Moving from invention to innovation takes practice.
In The Innovator’s Way (MIT Press, 2010), Peter J. Denning and Robert P. Dunham argue that successful innovators rely on a skill set, not natural talent. “We thought that they had learned something that most people hadn’t learned,” says Denning, a distinguished professor at the Naval Postgraduate School in Monterey, California.
In the book, Dunham, founder of the Institute for Generative Leadership, and Denning identify eight practices that can help leaders become more-successful innovators. Here, Denning talks to Profit about what innovation really means, why these practices must become habit, and why it makes sense to start small.
Profit: How do you define innovation?
Denning: If you look in the dictionaries and various books, there are tons of ideas about innovation and wishy-washy definitions, such as, “Innovation is the introduction of something new.” Exactly what does that mean? How do you tell when something’s been introduced? We actually decided to take the most stringent of all the definitions we could find: “Innovation is the adoption of a new practice in a community.” We call this the acid test.
Profit: You outline eight of the practices, from sensing, which aims to create new possibilities, to executing. The final practice is embodiment. What is it?
Denning: Embodiment is much more subtle than the rest. It means that a routine or a habit becomes so ingrained that you can do it without thinking. When you’re trying to make offers or overcome resistance to adoption, things are happening very dynamically and rapidly. If you don’t have the right moves and you have to stop and think about things all the time, you’ll miss the boat.
Also, the final outcome we’re looking for is that the target community embodies the new practice. They say, “It was unnatural at first, but now we do it all the time. We don’t think about it, and it brings great benefit to us.”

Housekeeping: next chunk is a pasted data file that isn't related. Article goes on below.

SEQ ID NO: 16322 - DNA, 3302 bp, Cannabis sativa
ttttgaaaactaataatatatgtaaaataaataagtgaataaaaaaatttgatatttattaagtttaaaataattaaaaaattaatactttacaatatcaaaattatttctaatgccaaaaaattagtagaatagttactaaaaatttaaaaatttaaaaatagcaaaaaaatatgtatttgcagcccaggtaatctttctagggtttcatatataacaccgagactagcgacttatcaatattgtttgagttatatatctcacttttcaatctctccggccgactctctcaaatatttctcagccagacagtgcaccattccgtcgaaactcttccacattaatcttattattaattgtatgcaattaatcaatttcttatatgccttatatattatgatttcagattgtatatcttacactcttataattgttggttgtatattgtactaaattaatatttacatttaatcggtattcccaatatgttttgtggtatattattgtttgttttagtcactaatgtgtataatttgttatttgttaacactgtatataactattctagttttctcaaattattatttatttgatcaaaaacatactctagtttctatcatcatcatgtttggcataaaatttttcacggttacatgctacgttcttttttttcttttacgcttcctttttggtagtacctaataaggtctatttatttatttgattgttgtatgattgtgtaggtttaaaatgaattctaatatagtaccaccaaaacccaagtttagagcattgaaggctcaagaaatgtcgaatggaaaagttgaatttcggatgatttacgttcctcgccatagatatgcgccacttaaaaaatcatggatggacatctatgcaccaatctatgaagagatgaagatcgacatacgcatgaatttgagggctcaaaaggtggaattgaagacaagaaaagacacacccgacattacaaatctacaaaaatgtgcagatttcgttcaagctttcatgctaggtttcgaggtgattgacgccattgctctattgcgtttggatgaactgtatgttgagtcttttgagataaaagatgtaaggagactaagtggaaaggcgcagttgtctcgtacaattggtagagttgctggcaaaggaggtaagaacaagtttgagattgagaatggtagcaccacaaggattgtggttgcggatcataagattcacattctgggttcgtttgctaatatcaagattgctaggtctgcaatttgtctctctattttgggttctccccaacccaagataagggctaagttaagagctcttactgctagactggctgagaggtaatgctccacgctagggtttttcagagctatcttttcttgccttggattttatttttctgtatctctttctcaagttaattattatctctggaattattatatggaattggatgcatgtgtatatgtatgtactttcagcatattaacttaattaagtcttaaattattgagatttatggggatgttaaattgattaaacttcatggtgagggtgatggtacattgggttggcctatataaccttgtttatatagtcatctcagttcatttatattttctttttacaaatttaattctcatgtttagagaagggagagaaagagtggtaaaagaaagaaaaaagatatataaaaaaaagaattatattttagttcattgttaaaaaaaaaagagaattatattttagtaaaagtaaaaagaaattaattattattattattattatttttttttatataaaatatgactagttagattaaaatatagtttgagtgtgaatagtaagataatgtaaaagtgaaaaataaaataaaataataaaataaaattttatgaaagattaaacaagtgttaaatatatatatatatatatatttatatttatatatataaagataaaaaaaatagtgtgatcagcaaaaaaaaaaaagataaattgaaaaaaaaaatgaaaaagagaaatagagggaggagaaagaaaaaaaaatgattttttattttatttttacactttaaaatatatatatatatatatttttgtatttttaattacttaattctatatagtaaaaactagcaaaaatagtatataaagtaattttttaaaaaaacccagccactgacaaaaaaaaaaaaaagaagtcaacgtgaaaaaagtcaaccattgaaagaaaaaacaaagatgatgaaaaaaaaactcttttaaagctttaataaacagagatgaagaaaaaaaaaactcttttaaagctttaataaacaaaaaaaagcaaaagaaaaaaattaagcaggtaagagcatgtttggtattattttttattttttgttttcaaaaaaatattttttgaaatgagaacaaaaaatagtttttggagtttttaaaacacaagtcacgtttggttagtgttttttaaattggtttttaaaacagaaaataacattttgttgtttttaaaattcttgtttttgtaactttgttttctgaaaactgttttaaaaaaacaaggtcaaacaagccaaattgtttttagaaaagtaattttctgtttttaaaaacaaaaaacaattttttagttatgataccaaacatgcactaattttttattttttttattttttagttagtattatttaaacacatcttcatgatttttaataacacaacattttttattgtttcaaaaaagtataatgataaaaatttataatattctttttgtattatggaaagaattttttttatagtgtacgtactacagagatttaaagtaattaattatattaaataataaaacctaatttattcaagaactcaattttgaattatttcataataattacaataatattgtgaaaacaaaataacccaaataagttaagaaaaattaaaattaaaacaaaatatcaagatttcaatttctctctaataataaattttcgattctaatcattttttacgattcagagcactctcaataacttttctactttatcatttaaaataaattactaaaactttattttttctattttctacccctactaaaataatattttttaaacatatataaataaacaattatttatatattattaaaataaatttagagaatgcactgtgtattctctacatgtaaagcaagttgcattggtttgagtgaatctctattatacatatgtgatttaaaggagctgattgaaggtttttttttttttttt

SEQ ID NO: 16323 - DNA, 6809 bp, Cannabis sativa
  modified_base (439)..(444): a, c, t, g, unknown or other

Profit: To demonstrate someone who put the eight practices in action, you share the story of your father’s reimagining of your family’s household chores. Why?
Denning: A lot of people don’t realize that you can have innovation in a small target community. All the stories you hear about are these great big things, like Tim Berners-Lee and the World Wide Web or Steve Jobs and the Mac OS and iPhone. These are all wonderful stories, but they’re also the work of masters. These are people who had sufficient skill sets and had developed some networks and followings, so they could actually influence large communities.
The idea that you can produce innovation in your small business or family gives you a lot of power. Over a period of time, as you’re learning to be better and better at the eight practices, you can enlarge the size of the communities that you’re trying to change or help.
Profit: Does everybody in the organization need to know the eight practices?
Denning: That would be nice, but as a practical matter, one of the reasons we have organizations is that you can divide up responsibilities and take advantage of individual talents.